Wired Up Wrong

Being a review of culty cinema

Twin Peaks: Fire Walk With Me (1992)

‘I am a true Lynch fan. Fuck “Blue Velvet”, everyone loves it. The real Lynch is not “Twin Peaks” the series, but “Fire Walk with Me”, and “Dune”, of course.’ -Slavoj Zizek

I’m not sure about Dune, but this, the later cinema prequel to the TV series, directed by Lynch,  letting his subconscious and experimental side run absolutely hog wild.Several key scenes seem to have been apppoached with a ‘let’s try it’ mentality, more akin to that of an artist privately attempting new techniques in his studio.

Fire Walk With Me (and how evocative was that phrase?) represented my first contact with the show- starting in the wrong place, I know, but my younger self was too captured by a TV screening to let it pass without a glace. A glance was all I got, initially, as my taping of the film cut off almost exactly after the half hour prologue investigation into the murder of Teresa Banks, leaving me much more than intrigued (I was practically salivating over the possible solutions to all the mysteries. My imagination was truly held captive.)Little did I know that, of course, even after seeing the film in full (a couple of years later, with another TV showing, I think), even after seeing the series in full, that those questions would still be hanging in the air (to be honest, though, without seeing the show, even the most basic things confused me- I thought, for instance, that Deer Meadow, the corrupted town at the beginning, was Twin Peaks itself, and the unhelpful folks in Hap’s Diner were maybe series regulars). After this, I tried to find the series, fairly unfashionable at the time, I think, and available only on overpriced, bad quality video cassettes. Until eventually viewing the whole thing on DVD, I think I only got a couple of episodes into the second season before I stopped buying them for one reason or another. But the programme, at my age then, had already tapped into my brain like nothing before or since.

Today, I think the least successful parts, perhaps surprisingly, are those that are most indebted to the TV programme. This is largely because several of the show’s regulars are fairly weak actors (e.g, James Hurley, Leo Johnson- even Sheryl Lee fails to convince me in her big moments of anguish). These scenes also reprise music cues familiar from the serial. The best parts are those that just let go of story and completely embrace dream logic, the stand outs being Laura Palmer drifting in and out of a painting, and an oddly realistic* scene in the nightclub from hell (not actually a nightclub from hell- it’s supposed to be, but it isn’t. Your average town centre nightclub is the nightclub from hell. This one actually looks pretty appealing. It’s got great music for a start). The post murder passage of the culprit into the Black Lodge is some of the greatest near non-verbal purely expressionist/surreal filmmaking I’ve seen.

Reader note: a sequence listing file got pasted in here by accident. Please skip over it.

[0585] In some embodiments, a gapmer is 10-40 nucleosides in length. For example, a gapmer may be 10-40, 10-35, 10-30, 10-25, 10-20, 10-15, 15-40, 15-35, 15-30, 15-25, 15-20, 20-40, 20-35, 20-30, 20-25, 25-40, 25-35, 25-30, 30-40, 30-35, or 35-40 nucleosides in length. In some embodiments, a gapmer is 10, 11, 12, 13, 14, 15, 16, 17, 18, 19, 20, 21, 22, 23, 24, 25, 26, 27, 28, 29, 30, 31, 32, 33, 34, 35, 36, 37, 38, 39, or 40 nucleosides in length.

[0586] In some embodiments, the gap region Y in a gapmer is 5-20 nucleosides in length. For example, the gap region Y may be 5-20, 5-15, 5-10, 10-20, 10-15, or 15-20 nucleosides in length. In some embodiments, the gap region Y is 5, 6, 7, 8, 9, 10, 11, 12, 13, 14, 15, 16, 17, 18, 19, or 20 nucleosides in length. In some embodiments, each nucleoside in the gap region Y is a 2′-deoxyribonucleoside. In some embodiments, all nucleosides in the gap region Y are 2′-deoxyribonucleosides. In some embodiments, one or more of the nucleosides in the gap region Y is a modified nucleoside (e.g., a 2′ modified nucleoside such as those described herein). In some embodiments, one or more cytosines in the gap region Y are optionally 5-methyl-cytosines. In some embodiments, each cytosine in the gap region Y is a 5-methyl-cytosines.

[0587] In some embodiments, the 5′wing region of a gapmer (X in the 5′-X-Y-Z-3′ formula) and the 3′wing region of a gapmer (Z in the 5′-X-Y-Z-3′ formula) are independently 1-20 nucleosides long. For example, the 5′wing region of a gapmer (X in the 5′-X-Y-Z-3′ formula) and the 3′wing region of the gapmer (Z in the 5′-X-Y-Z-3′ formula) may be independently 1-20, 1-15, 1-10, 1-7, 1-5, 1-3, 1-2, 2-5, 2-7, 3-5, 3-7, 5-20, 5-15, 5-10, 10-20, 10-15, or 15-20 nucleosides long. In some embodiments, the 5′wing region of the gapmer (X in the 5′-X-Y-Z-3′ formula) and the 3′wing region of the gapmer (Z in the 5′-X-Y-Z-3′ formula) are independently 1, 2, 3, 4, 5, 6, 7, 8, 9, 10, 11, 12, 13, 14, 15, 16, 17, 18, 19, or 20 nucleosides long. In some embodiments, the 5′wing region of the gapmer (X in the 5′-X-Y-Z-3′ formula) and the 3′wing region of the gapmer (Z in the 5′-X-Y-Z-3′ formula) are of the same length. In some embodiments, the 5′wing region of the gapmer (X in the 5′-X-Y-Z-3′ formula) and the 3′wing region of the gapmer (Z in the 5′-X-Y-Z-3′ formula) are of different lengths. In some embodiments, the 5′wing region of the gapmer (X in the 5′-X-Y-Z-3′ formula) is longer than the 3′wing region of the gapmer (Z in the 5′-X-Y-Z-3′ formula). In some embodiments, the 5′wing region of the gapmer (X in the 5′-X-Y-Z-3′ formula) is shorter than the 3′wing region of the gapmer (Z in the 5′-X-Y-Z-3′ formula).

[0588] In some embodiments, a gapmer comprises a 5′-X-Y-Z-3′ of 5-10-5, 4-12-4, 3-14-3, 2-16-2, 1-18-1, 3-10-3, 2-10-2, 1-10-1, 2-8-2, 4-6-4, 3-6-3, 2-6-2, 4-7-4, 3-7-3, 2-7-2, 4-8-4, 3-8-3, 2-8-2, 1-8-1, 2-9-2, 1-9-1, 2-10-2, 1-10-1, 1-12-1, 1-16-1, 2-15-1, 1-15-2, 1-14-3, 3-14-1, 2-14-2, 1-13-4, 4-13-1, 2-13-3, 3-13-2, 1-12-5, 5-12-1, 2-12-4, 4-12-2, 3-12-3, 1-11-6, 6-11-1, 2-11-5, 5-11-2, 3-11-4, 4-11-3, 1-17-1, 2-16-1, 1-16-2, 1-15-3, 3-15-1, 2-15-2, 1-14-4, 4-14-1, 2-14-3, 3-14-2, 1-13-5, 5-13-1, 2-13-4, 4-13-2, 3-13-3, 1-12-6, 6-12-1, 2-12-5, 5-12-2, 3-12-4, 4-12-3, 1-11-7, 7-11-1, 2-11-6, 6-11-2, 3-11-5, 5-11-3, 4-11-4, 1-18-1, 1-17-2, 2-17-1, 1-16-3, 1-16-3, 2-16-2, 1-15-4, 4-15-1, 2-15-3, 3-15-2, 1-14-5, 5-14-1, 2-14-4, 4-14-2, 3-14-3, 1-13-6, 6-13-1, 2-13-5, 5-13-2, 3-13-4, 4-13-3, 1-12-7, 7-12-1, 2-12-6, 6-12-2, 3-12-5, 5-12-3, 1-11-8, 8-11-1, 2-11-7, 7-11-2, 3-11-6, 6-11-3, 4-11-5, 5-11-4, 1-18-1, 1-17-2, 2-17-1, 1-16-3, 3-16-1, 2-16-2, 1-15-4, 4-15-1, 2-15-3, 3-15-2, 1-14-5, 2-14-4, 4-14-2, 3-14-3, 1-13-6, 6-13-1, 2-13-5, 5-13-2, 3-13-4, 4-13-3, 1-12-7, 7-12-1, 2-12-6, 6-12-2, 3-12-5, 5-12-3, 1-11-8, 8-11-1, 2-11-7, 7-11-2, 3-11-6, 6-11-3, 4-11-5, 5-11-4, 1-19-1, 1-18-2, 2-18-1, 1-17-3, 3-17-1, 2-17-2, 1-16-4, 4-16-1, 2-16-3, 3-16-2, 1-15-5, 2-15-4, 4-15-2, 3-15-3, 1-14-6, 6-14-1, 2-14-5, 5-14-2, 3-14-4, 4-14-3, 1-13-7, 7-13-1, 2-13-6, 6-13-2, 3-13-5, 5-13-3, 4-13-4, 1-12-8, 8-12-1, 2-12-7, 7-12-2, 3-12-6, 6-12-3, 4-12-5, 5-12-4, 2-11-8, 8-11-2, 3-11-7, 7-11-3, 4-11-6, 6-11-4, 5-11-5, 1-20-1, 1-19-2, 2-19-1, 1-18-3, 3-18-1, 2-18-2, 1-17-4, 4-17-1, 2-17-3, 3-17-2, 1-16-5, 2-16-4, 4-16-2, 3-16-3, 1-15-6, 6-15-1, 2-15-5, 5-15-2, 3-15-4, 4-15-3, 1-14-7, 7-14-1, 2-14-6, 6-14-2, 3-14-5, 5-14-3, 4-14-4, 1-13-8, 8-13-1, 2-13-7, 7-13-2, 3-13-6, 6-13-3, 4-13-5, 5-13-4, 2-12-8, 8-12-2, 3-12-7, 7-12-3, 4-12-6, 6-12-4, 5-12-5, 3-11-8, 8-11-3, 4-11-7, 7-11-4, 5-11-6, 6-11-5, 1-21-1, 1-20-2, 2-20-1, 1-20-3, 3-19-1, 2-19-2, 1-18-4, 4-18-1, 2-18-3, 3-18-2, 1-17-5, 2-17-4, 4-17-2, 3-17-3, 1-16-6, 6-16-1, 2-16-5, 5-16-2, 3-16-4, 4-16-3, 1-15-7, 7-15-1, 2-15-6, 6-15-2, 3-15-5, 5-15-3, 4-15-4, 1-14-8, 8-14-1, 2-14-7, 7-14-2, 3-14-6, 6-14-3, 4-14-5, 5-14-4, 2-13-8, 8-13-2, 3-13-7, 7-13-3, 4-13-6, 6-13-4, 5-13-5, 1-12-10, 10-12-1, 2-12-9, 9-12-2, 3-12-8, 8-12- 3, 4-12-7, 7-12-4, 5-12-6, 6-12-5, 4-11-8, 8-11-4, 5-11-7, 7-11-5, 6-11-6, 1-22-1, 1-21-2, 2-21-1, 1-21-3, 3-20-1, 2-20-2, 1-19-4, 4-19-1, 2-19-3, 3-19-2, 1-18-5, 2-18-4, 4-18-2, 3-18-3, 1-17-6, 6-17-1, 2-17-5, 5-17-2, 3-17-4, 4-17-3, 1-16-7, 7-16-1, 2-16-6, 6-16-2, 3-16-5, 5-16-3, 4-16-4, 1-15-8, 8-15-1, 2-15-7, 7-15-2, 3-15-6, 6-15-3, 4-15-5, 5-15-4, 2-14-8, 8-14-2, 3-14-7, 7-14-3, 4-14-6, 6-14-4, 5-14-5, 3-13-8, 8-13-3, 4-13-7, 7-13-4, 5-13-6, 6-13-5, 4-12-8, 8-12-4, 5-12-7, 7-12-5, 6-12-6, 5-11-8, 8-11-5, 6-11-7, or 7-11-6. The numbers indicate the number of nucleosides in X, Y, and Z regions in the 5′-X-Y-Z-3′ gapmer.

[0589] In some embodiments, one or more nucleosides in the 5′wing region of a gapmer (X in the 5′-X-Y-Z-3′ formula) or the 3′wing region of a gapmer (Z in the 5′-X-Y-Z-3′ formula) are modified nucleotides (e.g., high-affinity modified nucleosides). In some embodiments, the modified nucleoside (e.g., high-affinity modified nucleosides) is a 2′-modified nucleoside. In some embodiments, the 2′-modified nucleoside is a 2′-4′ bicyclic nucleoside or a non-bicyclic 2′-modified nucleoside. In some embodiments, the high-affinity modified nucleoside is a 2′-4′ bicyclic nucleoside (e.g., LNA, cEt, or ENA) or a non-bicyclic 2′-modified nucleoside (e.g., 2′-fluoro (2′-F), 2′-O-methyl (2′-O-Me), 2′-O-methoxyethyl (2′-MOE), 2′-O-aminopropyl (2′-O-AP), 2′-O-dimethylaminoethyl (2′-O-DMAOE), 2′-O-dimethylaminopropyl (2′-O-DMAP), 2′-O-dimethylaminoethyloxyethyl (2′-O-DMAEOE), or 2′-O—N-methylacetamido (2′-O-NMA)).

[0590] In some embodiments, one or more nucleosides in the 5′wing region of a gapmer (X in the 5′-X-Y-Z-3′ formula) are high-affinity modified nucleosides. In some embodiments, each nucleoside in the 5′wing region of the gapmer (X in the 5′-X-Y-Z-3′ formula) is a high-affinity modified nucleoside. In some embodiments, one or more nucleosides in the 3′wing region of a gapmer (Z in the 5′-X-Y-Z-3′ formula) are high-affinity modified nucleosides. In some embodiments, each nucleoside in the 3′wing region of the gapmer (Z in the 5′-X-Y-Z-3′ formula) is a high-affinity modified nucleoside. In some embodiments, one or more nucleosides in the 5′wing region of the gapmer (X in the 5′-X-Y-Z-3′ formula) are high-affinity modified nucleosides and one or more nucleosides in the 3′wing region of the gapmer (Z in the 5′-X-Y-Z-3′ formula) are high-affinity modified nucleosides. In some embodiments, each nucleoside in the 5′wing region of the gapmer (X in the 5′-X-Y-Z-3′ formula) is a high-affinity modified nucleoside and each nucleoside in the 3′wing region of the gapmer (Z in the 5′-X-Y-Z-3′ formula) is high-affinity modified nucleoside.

I would like to know where it was supposed to be headed. Not so much what happened after the evil Cooper left the Lodge (I think that the series, as bad as it was in the second season when Lynch wasn’t around, would have squandered this, and it would have ended up being completely cringeworthy- and it is telling that Lynch avoids almost every aspect of the terrible, idiotic Black Lodge mythology that the series came up with in his absence. Indeed, his thoughts on the series lowpoints are largely unrecorded. He has only stated that when he wasn’t around, Cooper started wearing flannel shirts, something he didn’t think appropriate), but what happened to Chester Desmond? What was going on with David Bowie? Who is Judy? Why does Lynch cut to shots of telegraph poles? It is interesting that a Lynch story left unfinished is fairly similar to that of one completed, in that it seems to make no more or less sense, narratively speaking. Lynch, when interviewed, is usually right: to be told what is going on is to kill some small part of us. The mystery is the thing.
*Side note: Lynch films always contain at least one scene that is more realistic than any in so called ‘normal’ films. In this, it’s the nightclub. In the show pilot, it’s the bit where the morgue attendant mishears Agent Cooper telling him to leave the room. In Wild at Heart it’s probably the car crash bit with Audrey Horne talking about “sticky stuff” in her hair…I’m sure there are others.

Leave a Reply »»

Login     Film Journal Home     Support Forums           Journal Rating: 4/5 (1)